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Tips on photographing mushrooms


Mushrooms grow just about anywhere, but finding suitable subjects to photograph is a challenge.
Mushrooms grow just about anywhere, but finding suitable subjects to photograph is a challenge.

Finding mushrooms in the field

The first step in making good pictures of wild mushrooms is finding suitable subjects. A good mushroom field guide, which can be purchased in most book stores or found in your local library, will usually contain information about where to search out mushroom varieties in your area.

Generally speaking, mushrooms thrive where it is dark, often where it tends to be damp, although they can also be discovered in open fields in direct sunlight. Mushrooms can often be found after a rainy night. If conditions are too dry or not warm enough, some mushrooms will wait, remaining dormant until conditions are just right.

Typical habitat includes woodlands. bogs and marshlands; in grasslands soil; on live and dead trees, stumps, wood debris, leaf litter; on rotten wood, burned ground and burned wood; on decaying matter and dead organic material; on manure and even on other fungi.

Look in shady areas below trees and shrubs and on the shadow side of structures. They may be hidden underneath fallen pine needles, leaves and other debris, and places where there is manure-rich soil. Some types of mushrooms will only grow at the base of certain trees. The rain forest is often a great place to find likely subjects, as are mossy areas, near tree stumps and in newly harvested forests. Apple and other orchards can often be a good place to look. The color, size and shape of a mushroom can make it easy or difficult to spot. A mushroom that matches its surroundings in color or texture can be hard to pick out from its background.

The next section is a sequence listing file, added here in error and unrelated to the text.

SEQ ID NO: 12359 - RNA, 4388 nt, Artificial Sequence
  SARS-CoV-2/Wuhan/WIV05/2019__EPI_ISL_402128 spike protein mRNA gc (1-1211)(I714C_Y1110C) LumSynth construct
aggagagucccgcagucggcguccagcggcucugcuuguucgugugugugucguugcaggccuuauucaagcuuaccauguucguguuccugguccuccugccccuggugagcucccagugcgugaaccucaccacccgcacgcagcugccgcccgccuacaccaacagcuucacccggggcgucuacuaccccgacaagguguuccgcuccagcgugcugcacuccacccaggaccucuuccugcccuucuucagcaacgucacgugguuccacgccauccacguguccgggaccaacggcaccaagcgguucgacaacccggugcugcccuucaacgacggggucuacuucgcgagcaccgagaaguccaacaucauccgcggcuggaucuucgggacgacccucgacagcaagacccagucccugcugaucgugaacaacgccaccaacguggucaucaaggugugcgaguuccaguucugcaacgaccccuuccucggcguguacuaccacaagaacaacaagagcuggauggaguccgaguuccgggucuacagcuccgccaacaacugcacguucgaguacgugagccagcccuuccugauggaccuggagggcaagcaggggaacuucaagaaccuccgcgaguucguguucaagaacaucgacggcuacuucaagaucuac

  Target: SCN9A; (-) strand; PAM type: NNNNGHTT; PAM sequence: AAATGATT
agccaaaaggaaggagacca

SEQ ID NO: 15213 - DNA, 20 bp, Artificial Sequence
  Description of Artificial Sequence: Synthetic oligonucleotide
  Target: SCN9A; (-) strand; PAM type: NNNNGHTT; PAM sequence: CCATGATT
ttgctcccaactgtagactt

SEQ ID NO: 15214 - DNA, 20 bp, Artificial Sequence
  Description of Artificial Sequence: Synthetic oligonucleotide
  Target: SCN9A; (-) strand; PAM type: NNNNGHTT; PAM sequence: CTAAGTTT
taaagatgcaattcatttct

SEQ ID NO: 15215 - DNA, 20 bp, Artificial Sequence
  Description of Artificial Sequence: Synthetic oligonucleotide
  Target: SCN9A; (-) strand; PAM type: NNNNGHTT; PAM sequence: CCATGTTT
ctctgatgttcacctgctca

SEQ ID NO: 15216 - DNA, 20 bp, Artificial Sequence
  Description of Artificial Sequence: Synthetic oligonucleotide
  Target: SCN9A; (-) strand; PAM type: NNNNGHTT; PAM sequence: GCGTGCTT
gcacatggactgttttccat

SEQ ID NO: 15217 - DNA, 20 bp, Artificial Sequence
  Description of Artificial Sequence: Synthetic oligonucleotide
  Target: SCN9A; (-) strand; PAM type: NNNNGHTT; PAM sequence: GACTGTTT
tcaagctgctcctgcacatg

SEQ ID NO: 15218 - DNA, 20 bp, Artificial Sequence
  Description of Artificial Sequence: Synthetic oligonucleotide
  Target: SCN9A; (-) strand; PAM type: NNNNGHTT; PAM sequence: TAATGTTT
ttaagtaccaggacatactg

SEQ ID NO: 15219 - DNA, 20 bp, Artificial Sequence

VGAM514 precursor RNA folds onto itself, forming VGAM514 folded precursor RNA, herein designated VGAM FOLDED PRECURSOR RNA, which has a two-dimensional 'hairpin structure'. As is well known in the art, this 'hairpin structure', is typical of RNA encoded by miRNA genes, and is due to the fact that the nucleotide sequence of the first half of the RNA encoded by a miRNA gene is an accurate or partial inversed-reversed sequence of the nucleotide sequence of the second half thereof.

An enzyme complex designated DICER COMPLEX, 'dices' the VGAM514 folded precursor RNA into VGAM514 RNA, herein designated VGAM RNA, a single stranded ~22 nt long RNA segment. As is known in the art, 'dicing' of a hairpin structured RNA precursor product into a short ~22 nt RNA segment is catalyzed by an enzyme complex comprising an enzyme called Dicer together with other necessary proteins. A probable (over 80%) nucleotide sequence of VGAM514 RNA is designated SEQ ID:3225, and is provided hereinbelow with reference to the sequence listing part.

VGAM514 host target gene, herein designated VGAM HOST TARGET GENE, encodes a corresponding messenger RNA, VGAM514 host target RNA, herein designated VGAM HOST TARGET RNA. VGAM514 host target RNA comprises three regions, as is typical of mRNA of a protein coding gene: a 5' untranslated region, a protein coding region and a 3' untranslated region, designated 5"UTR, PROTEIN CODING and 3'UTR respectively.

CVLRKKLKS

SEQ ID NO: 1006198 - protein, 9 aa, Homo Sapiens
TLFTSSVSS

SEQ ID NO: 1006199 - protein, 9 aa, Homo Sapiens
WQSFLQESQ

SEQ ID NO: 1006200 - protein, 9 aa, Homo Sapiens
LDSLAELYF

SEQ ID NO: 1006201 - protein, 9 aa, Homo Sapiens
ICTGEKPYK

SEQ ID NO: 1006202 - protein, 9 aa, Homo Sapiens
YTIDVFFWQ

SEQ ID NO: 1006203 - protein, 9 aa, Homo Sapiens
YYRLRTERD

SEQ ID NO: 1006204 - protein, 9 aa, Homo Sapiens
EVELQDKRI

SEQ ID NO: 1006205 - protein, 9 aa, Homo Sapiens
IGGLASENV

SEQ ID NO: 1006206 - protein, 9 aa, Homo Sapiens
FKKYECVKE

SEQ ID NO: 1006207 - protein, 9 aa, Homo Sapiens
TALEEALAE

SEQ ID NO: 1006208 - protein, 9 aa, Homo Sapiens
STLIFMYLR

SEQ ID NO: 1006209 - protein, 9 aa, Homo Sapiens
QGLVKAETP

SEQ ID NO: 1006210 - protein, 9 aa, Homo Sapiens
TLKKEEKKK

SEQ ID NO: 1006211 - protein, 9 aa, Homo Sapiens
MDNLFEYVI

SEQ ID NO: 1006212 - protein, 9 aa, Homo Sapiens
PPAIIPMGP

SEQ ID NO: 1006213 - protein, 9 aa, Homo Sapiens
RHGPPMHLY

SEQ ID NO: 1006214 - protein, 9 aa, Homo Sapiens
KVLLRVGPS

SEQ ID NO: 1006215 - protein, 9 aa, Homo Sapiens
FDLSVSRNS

If you need to photograph a particular variety for, say a nature magazine or website, or if you just wish to photograph as many varieties as you can in a given area, consider going out with a local mushroom expert or with the members of a mushroom club.

The time of year is a major factor. Mushrooms are as seasonal as many other organisms. There are spring, summer, fall and winter mushrooms. Fall in northern countries is the season when many types of mushrooms can be found, but some mushrooms appear only in the early spring as the ground warms up. Morning is generally a good time to go on a mushroom hunt, since those that have come up overnight are fresh-looking and less likely to have been damaged by animals or the passage of time.


Your comfort

Since you will likely be searching in woods and on rough terrain, be sure to dress for warmth, protection from insects and to keep dry.

Consider wearing long sleeves, leg coverings and comfortable, sturdy footwear. A ground sheet to kneel or lie on would be a useful accessory to keep your clothes dry and clean.